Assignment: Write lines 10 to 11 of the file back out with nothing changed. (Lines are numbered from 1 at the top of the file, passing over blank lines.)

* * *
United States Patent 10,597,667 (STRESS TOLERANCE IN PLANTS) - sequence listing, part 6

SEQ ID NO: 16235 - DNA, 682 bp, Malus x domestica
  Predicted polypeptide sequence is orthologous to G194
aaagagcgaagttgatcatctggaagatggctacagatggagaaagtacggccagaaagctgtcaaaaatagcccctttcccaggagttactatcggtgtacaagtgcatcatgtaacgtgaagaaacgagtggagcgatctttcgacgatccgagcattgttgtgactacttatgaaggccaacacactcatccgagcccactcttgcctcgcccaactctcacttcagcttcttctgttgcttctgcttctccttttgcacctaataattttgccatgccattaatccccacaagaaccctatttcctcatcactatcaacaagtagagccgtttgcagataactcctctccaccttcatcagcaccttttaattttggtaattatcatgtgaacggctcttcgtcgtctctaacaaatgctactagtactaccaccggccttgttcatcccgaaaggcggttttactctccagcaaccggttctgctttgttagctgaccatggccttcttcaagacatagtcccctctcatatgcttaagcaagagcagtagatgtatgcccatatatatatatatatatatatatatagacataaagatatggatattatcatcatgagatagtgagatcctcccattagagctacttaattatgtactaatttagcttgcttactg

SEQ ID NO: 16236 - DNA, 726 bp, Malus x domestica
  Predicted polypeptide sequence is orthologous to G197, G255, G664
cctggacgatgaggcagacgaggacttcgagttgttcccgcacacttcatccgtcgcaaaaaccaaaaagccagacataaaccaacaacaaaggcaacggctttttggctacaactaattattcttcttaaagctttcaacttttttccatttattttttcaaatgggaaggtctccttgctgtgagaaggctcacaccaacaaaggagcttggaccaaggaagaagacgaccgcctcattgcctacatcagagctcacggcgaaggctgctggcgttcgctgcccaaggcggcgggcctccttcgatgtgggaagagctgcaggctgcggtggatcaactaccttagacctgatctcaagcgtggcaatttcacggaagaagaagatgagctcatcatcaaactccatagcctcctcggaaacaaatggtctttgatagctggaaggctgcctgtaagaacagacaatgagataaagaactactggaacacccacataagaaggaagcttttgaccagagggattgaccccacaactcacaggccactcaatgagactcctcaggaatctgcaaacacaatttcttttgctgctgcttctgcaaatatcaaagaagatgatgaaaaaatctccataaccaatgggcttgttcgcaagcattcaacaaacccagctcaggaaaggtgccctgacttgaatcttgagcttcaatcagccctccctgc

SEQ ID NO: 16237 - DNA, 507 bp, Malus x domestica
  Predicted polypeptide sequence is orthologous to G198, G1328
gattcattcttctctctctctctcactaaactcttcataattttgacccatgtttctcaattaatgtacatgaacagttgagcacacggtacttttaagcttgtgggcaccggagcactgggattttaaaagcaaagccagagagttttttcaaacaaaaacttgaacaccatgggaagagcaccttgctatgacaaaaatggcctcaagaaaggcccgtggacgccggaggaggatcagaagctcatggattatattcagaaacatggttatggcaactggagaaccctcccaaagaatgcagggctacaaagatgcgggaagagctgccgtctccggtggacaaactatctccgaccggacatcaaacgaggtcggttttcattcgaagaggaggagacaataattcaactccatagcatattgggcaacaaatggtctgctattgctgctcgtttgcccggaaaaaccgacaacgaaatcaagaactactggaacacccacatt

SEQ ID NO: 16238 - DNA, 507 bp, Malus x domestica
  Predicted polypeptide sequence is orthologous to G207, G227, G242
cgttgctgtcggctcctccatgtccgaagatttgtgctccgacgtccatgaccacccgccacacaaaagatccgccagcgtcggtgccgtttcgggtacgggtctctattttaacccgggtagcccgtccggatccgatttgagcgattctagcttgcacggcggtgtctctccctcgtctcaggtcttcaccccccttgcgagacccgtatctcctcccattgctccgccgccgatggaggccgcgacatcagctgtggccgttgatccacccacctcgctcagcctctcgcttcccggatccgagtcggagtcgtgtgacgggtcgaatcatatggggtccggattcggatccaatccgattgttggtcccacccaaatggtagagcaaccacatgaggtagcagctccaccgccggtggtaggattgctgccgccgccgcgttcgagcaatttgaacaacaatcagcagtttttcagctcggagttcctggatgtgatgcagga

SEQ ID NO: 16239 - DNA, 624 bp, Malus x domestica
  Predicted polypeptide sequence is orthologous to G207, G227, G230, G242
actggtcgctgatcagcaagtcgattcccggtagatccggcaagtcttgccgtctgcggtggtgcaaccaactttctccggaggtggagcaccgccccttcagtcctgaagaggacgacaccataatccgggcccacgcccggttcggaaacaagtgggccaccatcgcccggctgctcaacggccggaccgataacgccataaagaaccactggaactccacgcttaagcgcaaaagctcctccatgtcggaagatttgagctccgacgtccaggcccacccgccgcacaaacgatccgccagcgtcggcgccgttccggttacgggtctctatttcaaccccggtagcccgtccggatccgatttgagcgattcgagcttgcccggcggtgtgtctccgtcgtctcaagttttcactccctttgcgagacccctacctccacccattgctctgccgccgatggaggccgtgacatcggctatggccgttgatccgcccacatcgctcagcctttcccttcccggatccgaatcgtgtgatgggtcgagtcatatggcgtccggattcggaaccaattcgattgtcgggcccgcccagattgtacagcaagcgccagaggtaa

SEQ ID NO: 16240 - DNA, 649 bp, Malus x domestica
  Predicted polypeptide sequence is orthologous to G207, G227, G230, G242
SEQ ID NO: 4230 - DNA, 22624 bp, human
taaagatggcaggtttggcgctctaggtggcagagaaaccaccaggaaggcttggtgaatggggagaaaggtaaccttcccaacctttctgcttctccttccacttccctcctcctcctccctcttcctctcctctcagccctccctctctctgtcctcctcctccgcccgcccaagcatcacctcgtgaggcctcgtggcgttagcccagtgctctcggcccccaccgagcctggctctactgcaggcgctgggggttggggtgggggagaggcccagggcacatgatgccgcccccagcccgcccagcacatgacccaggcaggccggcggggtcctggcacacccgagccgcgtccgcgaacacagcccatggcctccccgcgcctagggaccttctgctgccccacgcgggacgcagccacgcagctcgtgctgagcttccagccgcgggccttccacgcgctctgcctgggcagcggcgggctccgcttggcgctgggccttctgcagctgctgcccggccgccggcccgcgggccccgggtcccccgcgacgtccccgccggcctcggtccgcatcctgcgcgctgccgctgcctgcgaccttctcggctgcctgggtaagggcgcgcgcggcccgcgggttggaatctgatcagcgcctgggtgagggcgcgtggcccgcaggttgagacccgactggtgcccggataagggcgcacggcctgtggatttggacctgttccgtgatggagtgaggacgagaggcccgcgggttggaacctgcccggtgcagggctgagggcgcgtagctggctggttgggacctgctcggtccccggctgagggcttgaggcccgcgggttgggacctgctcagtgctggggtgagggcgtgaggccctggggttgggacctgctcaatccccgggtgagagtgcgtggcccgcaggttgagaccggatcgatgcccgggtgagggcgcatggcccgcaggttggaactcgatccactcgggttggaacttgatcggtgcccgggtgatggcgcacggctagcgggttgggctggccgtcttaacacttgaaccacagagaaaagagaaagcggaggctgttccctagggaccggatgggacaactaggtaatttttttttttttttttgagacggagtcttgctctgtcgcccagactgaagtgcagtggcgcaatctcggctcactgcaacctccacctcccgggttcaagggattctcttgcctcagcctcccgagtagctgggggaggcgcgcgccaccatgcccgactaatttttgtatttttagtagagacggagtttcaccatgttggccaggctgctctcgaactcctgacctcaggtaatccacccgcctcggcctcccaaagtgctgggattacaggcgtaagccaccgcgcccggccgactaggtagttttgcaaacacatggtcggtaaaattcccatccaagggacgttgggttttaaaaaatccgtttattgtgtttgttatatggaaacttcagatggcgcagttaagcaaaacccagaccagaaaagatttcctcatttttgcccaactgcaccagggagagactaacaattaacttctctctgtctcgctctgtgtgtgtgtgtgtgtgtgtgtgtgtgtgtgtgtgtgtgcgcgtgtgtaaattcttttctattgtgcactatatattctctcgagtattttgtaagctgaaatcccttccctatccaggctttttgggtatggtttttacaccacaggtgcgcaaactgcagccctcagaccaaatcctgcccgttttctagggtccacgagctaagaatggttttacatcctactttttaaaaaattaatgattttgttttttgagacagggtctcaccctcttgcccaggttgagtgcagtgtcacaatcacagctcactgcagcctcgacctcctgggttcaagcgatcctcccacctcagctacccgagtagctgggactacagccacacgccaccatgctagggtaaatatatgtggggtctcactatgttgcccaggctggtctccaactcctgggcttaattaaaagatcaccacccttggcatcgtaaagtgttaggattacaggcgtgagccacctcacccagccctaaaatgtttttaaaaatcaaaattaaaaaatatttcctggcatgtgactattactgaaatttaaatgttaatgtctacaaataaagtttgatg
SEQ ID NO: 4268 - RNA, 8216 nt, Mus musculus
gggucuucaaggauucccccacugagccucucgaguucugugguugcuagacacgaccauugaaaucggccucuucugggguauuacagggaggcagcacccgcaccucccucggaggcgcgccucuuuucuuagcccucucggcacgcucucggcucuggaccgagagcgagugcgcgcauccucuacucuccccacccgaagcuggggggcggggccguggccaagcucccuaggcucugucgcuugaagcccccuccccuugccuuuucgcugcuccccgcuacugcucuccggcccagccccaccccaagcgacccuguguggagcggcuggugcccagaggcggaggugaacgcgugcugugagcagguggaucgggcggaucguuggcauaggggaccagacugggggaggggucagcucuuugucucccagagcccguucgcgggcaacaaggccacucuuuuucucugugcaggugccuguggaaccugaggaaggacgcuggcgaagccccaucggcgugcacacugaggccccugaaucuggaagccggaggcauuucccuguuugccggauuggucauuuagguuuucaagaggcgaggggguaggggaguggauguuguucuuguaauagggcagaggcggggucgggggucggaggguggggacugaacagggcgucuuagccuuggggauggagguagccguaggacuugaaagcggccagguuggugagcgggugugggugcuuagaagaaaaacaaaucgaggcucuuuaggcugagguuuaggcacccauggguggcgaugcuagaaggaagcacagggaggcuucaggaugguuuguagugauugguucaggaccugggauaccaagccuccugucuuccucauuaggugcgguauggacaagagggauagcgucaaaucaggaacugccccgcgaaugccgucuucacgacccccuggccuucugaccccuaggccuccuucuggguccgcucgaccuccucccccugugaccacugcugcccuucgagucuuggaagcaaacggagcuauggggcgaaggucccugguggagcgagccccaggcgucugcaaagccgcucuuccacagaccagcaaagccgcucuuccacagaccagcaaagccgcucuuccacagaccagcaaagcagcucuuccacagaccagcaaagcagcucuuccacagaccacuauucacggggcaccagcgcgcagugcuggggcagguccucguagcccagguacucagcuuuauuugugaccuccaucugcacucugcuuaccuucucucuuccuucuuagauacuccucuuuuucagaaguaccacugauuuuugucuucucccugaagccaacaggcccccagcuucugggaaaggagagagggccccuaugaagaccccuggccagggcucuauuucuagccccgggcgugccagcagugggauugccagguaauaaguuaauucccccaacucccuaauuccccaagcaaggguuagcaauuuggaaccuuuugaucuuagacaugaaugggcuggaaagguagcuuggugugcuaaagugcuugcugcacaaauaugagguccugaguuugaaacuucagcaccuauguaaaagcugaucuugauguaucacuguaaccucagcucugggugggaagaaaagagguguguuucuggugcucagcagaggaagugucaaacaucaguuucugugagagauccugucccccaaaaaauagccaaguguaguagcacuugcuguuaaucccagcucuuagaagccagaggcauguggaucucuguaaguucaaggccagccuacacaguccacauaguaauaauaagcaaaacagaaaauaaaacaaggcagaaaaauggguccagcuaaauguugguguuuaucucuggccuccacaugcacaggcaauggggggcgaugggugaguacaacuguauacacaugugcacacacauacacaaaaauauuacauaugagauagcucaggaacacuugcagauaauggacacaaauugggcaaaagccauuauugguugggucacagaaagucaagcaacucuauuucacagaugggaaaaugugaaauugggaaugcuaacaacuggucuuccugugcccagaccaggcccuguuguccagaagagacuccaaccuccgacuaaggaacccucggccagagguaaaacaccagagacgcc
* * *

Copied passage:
gattcattcttctctctctctctcactaaactcttcataattttgacccatgtttctcaattaatgtacatgaacagttgagcacacggtacttttaagcttgtgggcaccggagcactgggattttaaaagcaaagccagagagttttttcaaacaaaaacttgaacaccatgggaagagcaccttgctatgacaaaaatggcctcaagaaaggcccgtggacgccggaggaggatcagaagctcatggattatattcagaaacatggttatggcaactggagaaccctcccaaagaatgcagggctacaaagatgcgggaagagctgccgtctccggtggacaaactatctccgaccggacatcaaacgaggtcggttttcattcgaagaggaggagacaataattcaactccatagcatattgggcaacaaatggtctgctattgctgctcgtttgcccggaaaaaccgacaacgaaatcaagaactactggaacacccacatt

SEQ ID NO: 16238 - DNA, 507 bp, Malus x domestica